I kind of enjoy this quiet brooder that many seem to despise. I can't disagree that it's far too familiar and that nobody needs another "Where's My Kid At?/ Not Without My Undead Daughter!" flick. Maybe I'm just a sucker for its Isle of Mann pretending to be a Welsh seaside location. Then again I've always had a thing for hometown heroine MARIA BELLO who, if she donned a fake mustache, I'd marry tomorrow (sorry A.J.!) I admit that THE DARK may not reinvent the wheel-o, but the cinematography is borderline gorgeous and even though it has maybe five too many endings, it's got a passionate core that's enviable.
BELLO plays Adelle, an emotionally distant mother who carts her young daughter Sarah (SOPHIE STUCKEY) off to the isolated shabby chic home of her estranged ex (SEAN BEAN). Nightmares of losing her daughter become prophetic as the little girl ends up being whisked away by the crashing sea. In actuality, she is trapped in a mythical Welsh underworld known as "Annwn." Soon after a girl similar in age as the missing daughter appears and it becomes evident that a trade of some sort has been made. Unfortunately, folks who return from Annwyn are worse for the wear and tend to have a highly toxic effect on livestock and a general schleprockian disposition.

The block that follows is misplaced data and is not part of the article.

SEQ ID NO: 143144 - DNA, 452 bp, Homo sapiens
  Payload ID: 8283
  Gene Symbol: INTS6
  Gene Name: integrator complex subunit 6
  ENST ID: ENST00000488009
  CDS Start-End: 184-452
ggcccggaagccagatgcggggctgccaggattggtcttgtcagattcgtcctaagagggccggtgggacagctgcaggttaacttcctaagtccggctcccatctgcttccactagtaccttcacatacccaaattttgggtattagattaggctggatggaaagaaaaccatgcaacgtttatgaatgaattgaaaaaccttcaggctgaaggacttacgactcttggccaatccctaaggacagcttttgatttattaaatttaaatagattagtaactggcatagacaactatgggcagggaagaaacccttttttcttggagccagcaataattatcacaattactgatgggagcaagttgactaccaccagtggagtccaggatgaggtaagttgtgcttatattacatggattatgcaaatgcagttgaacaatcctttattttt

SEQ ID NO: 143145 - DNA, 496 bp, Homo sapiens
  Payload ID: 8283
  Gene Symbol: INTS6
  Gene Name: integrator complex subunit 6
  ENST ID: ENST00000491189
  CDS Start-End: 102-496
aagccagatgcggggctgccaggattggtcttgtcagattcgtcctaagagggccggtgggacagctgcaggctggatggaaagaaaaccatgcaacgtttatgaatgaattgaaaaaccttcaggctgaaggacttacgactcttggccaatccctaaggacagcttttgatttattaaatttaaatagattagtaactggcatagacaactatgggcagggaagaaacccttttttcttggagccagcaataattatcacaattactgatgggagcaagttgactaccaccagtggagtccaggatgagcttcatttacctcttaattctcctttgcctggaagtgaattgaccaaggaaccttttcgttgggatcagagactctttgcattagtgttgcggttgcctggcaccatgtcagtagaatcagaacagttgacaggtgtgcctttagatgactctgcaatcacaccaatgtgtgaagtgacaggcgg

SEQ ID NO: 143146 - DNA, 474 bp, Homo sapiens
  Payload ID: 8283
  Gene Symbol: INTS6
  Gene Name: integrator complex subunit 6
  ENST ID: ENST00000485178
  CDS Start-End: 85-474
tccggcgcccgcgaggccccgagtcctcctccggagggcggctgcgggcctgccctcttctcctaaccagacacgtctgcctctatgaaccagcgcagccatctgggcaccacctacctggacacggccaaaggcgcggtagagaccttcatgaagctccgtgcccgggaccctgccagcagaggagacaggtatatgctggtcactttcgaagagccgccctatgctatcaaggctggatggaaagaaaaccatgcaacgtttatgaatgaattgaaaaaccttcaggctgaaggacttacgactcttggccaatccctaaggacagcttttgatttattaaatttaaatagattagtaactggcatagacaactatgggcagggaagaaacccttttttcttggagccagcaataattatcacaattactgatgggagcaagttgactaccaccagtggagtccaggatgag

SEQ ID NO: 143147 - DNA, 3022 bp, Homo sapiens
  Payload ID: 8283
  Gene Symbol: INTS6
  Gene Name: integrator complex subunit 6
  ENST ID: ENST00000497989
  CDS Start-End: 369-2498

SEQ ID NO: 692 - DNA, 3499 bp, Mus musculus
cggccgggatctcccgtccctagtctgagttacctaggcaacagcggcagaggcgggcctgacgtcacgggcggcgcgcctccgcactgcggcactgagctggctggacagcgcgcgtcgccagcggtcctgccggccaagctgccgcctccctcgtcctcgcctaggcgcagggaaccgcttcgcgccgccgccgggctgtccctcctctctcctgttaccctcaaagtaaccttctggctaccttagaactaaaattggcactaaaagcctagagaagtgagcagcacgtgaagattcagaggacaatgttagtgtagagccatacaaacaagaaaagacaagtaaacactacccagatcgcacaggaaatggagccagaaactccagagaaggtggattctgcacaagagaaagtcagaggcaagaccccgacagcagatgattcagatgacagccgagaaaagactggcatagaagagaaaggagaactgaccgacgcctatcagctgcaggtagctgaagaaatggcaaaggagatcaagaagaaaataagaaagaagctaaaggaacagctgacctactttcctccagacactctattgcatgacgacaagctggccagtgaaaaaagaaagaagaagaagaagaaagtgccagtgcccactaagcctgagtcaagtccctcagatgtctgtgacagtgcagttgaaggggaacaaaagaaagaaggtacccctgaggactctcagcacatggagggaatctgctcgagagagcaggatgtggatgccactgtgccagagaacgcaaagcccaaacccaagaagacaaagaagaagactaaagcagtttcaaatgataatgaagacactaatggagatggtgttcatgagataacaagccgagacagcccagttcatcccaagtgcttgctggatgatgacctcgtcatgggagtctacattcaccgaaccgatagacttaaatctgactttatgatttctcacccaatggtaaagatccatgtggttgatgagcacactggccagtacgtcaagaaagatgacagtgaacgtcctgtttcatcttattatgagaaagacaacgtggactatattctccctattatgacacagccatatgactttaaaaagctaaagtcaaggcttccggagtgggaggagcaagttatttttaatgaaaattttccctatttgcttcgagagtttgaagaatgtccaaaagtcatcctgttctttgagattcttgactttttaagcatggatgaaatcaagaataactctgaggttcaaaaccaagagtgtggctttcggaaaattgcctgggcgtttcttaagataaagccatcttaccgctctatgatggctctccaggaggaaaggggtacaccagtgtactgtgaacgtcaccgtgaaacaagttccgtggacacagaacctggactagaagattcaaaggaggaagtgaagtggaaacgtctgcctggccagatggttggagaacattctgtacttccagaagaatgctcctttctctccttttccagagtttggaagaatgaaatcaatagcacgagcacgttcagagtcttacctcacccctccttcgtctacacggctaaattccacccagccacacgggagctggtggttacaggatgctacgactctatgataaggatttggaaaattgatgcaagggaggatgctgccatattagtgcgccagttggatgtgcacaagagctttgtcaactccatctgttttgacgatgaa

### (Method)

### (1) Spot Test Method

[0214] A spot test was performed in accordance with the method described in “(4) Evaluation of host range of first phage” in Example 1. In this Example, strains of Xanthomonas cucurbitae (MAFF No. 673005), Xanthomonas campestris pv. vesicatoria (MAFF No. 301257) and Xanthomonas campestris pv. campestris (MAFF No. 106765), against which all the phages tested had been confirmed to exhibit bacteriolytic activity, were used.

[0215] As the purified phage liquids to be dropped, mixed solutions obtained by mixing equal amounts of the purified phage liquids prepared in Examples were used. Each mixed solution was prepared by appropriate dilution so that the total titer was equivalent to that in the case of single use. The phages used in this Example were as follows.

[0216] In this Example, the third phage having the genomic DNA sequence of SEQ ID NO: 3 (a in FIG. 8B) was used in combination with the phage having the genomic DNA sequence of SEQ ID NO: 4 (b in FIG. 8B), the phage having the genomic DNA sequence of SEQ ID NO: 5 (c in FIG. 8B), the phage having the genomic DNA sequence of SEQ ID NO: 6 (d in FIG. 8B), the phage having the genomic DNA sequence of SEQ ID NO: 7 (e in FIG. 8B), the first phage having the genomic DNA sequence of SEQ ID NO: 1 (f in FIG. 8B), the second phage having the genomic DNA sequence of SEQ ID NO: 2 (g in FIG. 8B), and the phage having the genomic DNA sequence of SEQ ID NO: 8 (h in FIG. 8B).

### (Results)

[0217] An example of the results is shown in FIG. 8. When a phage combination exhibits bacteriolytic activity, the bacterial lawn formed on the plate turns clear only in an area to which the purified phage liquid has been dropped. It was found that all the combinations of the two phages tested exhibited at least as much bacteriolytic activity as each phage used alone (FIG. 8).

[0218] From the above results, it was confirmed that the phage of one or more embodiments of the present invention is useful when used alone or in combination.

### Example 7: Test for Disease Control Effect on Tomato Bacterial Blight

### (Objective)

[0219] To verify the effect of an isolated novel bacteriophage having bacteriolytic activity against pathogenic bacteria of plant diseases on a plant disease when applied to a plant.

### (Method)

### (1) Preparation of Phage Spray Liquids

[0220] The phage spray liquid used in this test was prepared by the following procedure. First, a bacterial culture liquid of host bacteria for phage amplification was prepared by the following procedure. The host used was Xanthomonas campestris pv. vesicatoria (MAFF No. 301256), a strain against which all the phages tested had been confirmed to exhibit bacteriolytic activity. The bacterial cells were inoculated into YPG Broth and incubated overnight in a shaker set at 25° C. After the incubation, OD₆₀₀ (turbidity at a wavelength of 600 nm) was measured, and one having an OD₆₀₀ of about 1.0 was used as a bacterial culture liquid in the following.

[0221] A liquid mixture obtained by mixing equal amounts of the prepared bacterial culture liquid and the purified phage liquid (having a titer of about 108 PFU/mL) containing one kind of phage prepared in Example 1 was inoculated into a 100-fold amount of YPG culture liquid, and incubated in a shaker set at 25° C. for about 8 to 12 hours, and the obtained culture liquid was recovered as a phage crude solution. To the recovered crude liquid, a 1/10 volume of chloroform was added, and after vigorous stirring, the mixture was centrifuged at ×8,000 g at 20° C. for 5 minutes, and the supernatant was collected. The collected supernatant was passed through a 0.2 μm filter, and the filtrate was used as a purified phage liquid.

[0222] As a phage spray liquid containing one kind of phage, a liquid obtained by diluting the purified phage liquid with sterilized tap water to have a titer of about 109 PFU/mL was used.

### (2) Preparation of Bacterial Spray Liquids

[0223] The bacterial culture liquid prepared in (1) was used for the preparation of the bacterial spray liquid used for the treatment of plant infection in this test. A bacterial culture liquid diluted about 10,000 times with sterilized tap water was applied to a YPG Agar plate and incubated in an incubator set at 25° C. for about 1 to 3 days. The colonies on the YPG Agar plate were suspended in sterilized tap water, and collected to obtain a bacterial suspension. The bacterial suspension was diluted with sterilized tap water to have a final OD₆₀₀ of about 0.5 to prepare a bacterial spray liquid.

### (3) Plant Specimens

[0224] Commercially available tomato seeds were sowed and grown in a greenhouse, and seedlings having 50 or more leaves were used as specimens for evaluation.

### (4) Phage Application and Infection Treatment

Following the requisite searching of the local library's microfilm collection, Adelle decides the only way to get back her real daughter is to force a trade back by chucking the new kid off a cliff. (Personally I would have kept the depressing Wednesday Addams chick and let my iPod wearing mouthy brat to her new home.)
I doubt THE DARK could rock anybody's world, but it's a perfect time-waster on a winter night. I rather enjoyed learning about the refreshingly low key limbo like dimension "Annwyn" to boot. The whole affair is more spooky than scary, but MAURICE ROEVES is perfect as the salt of the Earth handyman Dafydd and flash back scenes of homemade lobotomies are actually kind of cringe worthy. Extra kudos are earned by showcasing a suicide cult learning the hard way that the first step off a cliff is a real doozy.
More than anything though, this movie has the world's most profound, yet borderline hilarious pie-in-the-face door slamming scene I think I have ever witnessed, That's gotta count for something!